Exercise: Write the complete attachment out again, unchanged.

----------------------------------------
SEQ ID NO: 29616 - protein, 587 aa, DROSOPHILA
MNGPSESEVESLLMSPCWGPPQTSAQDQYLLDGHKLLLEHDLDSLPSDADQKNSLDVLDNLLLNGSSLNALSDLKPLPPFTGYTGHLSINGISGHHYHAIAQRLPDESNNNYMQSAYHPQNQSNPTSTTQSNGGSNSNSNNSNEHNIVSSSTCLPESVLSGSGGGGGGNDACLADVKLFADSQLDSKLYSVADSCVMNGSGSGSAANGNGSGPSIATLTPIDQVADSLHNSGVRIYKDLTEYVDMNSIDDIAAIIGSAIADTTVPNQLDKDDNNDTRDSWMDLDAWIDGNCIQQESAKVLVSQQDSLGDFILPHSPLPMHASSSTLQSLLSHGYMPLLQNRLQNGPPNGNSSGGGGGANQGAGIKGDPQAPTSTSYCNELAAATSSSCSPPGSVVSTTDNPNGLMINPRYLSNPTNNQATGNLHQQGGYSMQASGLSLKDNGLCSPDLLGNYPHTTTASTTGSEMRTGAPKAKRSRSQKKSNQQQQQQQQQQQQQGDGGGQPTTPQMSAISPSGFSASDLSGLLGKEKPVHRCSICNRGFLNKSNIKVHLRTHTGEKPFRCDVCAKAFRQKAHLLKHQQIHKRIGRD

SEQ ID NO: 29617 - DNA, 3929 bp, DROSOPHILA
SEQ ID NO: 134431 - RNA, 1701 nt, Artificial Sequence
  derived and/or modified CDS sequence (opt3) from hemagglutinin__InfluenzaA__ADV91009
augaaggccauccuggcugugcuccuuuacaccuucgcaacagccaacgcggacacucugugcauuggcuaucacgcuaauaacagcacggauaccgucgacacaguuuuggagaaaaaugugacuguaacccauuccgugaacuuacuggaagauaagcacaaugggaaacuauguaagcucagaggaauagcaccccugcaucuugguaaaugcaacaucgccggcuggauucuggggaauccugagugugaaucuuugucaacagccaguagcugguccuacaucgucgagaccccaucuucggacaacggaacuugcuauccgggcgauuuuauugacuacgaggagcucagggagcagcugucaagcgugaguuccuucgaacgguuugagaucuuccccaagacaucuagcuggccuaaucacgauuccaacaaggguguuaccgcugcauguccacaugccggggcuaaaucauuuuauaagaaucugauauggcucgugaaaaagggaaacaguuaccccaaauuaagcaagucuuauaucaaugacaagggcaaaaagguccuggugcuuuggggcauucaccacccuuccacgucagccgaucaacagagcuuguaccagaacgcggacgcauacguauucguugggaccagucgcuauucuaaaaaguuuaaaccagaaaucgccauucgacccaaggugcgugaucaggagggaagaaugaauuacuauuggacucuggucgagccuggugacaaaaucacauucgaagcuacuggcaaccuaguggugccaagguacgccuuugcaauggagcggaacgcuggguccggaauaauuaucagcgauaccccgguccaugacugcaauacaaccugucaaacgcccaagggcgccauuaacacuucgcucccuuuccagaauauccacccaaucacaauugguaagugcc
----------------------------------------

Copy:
SEQ ID NO: 29616 - protein, 587 aa, DROSOPHILA
MNGPSESEVESLLMSPCWGPPQTSAQDQYLLDGHKLLLEHDLDSLPSDADQKNSLDVLDNLLLNGSSLNALSDLKPLPPFTGYTGHLSINGISGHHYHAIAQRLPDESNNNYMQSAYHPQNQSNPTSTTQSNGGSNSNSNNSNEHNIVSSSTCLPESVLSGSGGGGGGNDACLADVKLFADSQLDSKLYSVADSCVMNGSGSGSAANGNGSGPSIATLTPIDQVADSLHNSGVRIYKDLTEYVDMNSIDDIAAIIGSAIADTTVPNQLDKDDNNDTRDSWMDLDAWIDGNCIQQESAKVLVSQQDSLGDFILPHSPLPMHASSSTLQSLLSHGYMPLLQNRLQNGPPNGNSSGGGGGANQGAGIKGDPQAPTSTSYCNELAAATSSSCSPPGSVVSTTDNPNGLMINPRYLSNPTNNQATGNLHQQGGYSMQASGLSLKDNGLCSPDLLGNYPHTTTASTTGSEMRTGAPKAKRSRSQKKSNQQQQQQQQQQQQQGDGGGQPTTPQMSAISPSGFSASDLSGLLGKEKPVHRCSICNRGFLNKSNIKVHLRTHTGEKPFRCDVCAKAFRQKAHLLKHQQIHKRIGRD

SEQ ID NO: 29617 - DNA, 3929 bp, DROSOPHILA
SEQ ID NO: 134431 - RNA, 1701 nt, Artificial Sequence
  derived and/or modified CDS sequence (opt3) from hemagglutinin__InfluenzaA__ADV91009
augaaggccauccuggcugugcuccuuuacaccuucgcaacagccaacgcggacacucugugcauuggcuaucacgcuaauaacagcacggauaccgucgacacaguuuuggagaaaaaugugacuguaacccauuccgugaacuuacuggaagauaagcacaaugggaaacuauguaagcucagaggaauagcaccccugcaucuugguaaaugcaacaucgccggcuggauucuggggaauccugagugugaaucuuugucaacagccaguagcugguccuacaucgucgagaccccaucuucggacaacggaacuugcuauccgggcgauuuuauugacuacgaggagcucagggagcagcugucaagcgugaguuccuucgaacgguuugagaucuuccccaagacaucuagcuggccuaaucacgauuccaacaaggguguuaccgcugcauguccacaugccggggcuaaaucauuuuauaagaaucugauauggcucgugaaaaagggaaacaguuaccccaaauuaagcaagucuuauaucaaugacaagggcaaaaagguccuggugcuuuggggcauucaccacccuuccacgucagccgaucaacagagcuuguaccagaacgcggacgcauacguauucguugggaccagucgcuauucuaaaaaguuuaaaccagaaaucgccauucgacccaaggugcgugaucaggagggaagaaugaauuacuauuggacucuggucgagccuggugacaaaaucacauucgaagcuacuggcaaccuaguggugccaagguacgccuuugcaauggagcggaacgcuggguccggaauaauuaucagcgauaccccgguccaugacugcaauacaaccugucaaacgcccaagggcgccauuaacacuucgcucccuuuccagaauauccacccaaucacaauugguaagugcc